• Identification00064906
  • TitleDescriptive inventory for the Chicago Cubs records, 1873-1966, bulk 1873-1973
  • PublisherChicago Historical Society
  • RepositoryChicago History Museum Research Center 1601 North Clark Street Chicago, IL 60614-6038
  • OriginationChicago Cubs (baseball team)
  • Date
    • 1873-1966
    • 1873-1893
  • Physical Description2 linear feet (5 boxes, 1 unboxed v., 1 folder)
  • Location
    • MSS Lot C
    • MSS Alpha C
  • LanguageEnglish

Copyright may be retained by the creators of items, or their descendants, as stipulated by United States copyright law, unless otherwise noted.

Most of this collection was purchased from Mr. R.C. Kuhn, whose father, Charles S. Kuhn, was superintendent of Cubs Park (accession # 1969.0007).

Chicago Cubs records (Chicago History Museum) plus a detailed description, date, and box/folder number of a specific item.

Correspondence, unbound and in letterbooks; ledgers, cash books, attendance data, and other papers relating to the administration and management of the Chicago Cubs baseball team, a member of the National League of Professional Baseball Clubs. The correspondence is chiefly letterpress copies of outgoing letters by club officers Albert G. Spalding and William A. Hulbert concerning game arrangements, schedules, and other matters. The collection contains 19 volumes; begins in the era when the team was known as the White Stockings; and contains some items relating to the board of directors of the Chicago Cubs, National League baseball club. The collection also has one Chicago Cubs stock certificate dated 1966.

The Chicago Cubs baseball team, originally named the White Stockings, was organized in 1870. In 1871, the team became part of the National Association and then missed the next two years due to the Great Fire. The team later joined the National League (NL), which was organized in 1876 by team president William Hulbert. The White Stockings won their first NL pennant in 1882 under the leadership of pitcher-manager Albert G. Spalding. Spalding became the team president and chief stockholder in 1882. The team had continued NL success under player and manager Adrian “Cap” Anson (1879–1897), winning five NL pennants (1880, 1881, 1882, 1885, and 1886).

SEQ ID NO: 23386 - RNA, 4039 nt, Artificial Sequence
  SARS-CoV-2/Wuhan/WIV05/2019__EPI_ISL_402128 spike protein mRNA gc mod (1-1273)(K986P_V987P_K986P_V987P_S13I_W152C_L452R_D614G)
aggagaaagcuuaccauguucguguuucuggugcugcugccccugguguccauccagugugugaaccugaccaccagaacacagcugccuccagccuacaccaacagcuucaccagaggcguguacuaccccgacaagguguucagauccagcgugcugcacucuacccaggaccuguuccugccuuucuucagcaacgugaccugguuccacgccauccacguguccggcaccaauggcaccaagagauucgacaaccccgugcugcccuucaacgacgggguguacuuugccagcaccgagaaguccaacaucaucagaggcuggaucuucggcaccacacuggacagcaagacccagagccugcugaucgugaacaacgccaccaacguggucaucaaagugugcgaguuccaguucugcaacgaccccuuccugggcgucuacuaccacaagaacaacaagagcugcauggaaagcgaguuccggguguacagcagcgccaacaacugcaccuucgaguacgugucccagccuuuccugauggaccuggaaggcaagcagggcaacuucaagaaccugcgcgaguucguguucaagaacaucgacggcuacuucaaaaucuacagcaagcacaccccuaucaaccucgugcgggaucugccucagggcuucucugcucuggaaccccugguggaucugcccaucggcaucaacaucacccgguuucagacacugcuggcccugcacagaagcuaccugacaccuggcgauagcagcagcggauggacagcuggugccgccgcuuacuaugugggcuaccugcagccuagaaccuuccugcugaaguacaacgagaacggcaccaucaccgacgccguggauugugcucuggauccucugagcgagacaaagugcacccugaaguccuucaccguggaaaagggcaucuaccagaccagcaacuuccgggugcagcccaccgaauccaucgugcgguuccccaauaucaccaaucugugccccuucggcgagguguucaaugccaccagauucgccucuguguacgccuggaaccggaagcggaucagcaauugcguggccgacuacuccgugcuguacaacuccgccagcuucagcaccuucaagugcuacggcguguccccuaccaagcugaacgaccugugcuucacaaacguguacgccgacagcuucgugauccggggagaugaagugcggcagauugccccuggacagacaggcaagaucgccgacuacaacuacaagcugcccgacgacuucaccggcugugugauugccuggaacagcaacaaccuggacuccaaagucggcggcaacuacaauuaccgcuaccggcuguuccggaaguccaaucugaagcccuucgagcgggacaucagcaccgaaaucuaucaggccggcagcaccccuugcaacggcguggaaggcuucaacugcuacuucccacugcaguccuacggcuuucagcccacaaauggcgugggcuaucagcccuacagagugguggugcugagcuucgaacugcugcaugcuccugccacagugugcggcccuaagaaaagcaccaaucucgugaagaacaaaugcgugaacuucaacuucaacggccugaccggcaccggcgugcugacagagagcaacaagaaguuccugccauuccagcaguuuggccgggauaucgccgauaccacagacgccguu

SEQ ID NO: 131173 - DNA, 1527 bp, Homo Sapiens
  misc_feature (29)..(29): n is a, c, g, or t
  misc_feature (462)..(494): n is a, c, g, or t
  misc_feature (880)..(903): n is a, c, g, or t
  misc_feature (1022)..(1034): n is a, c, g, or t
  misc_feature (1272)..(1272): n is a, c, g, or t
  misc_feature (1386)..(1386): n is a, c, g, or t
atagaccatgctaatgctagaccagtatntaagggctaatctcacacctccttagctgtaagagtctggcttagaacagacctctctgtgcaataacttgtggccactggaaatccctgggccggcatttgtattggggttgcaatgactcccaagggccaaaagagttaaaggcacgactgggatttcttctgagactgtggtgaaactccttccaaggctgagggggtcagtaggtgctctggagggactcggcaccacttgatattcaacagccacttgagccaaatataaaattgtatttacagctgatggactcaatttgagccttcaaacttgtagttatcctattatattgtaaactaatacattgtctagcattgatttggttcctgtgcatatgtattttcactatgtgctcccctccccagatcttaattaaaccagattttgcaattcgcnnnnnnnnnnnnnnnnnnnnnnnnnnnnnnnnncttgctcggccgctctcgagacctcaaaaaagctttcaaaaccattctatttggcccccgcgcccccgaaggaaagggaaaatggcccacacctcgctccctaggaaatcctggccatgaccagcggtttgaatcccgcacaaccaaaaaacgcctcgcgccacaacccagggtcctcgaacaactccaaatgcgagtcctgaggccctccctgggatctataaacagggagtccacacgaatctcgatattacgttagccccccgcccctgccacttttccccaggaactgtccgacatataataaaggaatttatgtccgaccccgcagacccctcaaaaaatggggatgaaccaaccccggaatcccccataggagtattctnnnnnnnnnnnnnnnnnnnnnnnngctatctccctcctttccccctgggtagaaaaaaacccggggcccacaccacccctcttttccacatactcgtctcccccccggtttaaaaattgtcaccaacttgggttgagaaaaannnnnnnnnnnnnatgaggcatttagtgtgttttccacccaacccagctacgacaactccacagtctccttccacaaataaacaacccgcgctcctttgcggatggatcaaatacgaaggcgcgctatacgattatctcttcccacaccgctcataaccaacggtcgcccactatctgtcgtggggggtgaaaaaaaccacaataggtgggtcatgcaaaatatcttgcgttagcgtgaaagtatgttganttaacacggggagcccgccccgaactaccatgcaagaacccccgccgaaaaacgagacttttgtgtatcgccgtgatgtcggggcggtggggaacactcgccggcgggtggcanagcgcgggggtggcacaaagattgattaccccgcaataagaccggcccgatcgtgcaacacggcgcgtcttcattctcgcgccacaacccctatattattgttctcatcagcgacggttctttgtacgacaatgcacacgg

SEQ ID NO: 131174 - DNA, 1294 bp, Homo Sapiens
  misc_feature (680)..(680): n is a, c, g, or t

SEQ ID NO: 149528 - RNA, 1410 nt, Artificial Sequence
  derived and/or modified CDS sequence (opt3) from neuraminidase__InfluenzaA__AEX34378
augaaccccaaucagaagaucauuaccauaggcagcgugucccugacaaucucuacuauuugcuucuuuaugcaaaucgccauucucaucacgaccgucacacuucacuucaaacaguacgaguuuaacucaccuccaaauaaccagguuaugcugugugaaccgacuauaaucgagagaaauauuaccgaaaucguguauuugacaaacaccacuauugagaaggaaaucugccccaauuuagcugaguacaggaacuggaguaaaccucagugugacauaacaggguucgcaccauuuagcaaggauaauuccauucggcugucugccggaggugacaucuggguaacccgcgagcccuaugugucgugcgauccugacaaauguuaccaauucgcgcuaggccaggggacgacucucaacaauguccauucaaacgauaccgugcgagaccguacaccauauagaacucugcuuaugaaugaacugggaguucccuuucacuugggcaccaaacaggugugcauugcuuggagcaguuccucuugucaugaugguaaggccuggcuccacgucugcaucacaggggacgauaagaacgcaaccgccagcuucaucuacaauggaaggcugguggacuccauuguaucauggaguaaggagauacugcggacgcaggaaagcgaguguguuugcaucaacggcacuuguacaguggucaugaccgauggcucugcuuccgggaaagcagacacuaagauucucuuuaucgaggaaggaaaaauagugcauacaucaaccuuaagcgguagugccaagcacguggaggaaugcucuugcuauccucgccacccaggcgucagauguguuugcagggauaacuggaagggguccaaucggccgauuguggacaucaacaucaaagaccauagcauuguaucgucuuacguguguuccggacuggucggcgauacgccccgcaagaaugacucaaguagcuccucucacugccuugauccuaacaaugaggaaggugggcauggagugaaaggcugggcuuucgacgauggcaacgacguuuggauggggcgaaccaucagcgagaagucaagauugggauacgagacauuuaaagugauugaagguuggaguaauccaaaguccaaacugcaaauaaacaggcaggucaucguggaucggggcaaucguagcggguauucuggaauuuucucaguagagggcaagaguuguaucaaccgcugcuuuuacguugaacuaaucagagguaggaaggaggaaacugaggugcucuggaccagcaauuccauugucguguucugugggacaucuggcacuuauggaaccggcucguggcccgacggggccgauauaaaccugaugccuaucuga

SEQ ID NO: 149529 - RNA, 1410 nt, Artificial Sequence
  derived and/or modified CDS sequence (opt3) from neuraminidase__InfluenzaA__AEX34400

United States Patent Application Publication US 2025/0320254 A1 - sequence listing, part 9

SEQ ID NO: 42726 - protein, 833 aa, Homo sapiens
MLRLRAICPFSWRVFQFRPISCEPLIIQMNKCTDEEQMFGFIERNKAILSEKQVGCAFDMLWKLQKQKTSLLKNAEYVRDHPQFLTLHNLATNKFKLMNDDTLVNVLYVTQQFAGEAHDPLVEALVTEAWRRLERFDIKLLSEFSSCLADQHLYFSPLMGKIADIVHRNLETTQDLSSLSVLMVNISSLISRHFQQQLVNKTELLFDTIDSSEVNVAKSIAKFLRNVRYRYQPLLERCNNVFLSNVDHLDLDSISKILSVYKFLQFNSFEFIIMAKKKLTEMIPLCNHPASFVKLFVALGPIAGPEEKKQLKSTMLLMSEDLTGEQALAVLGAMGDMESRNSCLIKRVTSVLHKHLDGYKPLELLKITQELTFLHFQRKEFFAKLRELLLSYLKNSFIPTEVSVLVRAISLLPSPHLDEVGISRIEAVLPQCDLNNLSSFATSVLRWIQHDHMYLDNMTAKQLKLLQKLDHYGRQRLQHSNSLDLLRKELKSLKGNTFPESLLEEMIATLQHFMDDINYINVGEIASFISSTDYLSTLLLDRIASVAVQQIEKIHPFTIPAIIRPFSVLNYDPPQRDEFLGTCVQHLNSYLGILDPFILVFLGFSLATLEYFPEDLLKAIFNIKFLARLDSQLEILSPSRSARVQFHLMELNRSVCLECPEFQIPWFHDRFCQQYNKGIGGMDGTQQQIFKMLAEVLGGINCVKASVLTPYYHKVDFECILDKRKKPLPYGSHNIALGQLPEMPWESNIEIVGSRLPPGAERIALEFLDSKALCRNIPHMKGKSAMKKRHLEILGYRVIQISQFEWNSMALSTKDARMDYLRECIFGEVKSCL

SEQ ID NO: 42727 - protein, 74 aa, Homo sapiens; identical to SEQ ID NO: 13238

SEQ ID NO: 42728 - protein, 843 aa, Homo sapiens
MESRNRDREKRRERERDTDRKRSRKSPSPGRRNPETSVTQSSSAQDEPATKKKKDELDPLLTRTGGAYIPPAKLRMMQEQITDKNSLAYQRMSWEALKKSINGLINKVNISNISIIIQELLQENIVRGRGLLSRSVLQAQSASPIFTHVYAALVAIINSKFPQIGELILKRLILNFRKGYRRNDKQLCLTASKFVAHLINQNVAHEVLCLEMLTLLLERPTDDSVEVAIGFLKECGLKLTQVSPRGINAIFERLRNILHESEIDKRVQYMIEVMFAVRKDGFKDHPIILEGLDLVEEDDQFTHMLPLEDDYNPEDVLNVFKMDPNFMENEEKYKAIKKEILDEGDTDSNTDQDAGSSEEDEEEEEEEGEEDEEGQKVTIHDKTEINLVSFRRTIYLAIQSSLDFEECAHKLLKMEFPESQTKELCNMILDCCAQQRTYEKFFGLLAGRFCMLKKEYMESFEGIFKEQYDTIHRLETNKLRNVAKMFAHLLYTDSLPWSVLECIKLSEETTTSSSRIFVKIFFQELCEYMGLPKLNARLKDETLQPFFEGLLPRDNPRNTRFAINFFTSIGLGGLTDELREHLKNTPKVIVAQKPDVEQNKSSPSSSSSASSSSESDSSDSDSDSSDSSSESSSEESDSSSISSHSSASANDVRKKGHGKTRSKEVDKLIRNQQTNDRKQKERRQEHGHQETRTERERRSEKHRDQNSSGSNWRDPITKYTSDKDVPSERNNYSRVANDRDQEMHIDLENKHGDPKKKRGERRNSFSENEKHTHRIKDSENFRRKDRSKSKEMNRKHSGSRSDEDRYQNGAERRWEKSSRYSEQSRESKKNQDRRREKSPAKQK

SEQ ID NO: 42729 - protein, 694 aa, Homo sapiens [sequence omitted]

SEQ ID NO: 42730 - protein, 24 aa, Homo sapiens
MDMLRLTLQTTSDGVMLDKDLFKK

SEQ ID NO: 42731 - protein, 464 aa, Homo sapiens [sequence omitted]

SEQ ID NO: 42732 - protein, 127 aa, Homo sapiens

After playing at five other ballparks, the team moved to the second West Side Park at Polk and Lincoln (now Wolcott) in 1893. After Anson’s departure, the team became known as the Orphans. In 1902, it was briefly referred to as Selee's Colts in honor of manager Frank Selee. By 1905, the team was known as the Nationals or Cubs and was sold to its press agent, Charles W. Murphy. In 1906, manager Frank Chance (1905–1912) led the Cubs to a 116–36 record but lost the World Series to the Chicago White Sox. The team officially adopted the Cubs name in 1907 and went on to win three straight NL pennants (1906, 1907, and 1908), two world championships (1907, 1908), and another NL pennant in 1910.

Sources consulted: Riess, Steven A. Electronic Encyclopedia of Chicago, s.v. “Cubs.” Chicago: Chicago Historical Society, 2005. http://www.encyclopedia.chicagohistory.org/pages/247.html (accessed August 6, 2015).

Related materials at Chicago History Museum, Research Center, include Chicagoans United for a Baseball Series (C.U.B.S.) records and the Clarence Rowland (Pants Rowland) papers, the Hulbert family papers and many Chicago Cubs photograph collections.

  • Subject
    • Baseball--United States--19th Century
    • Baseball teams--Illinois--Chicago
  • Names
    • Hulbert, William Ambrose, 1832-1882
    • Spalding, A.G. (Albert Goodwill)
    • Chicago Cubs (Baseball team)--Archives
    • Chicago White Stockings (Baseball team : National League)
    • National League of Professional Baseball Clubs
  • Geographic Coverage
    • Chicago (Ill.)--Commerce
    • Chicago (Ill.)--Social life and customs--19th century

The collection is arranged in one series.

Series 1. Chicago Cubs correspondence and administrative materials, 1873-1893, 1966

This series contains correspondence, financial records, and other materials relating to the administration and management of the Chicago Cubs baseball team. Box 7 is stored separately from the rest of the collection.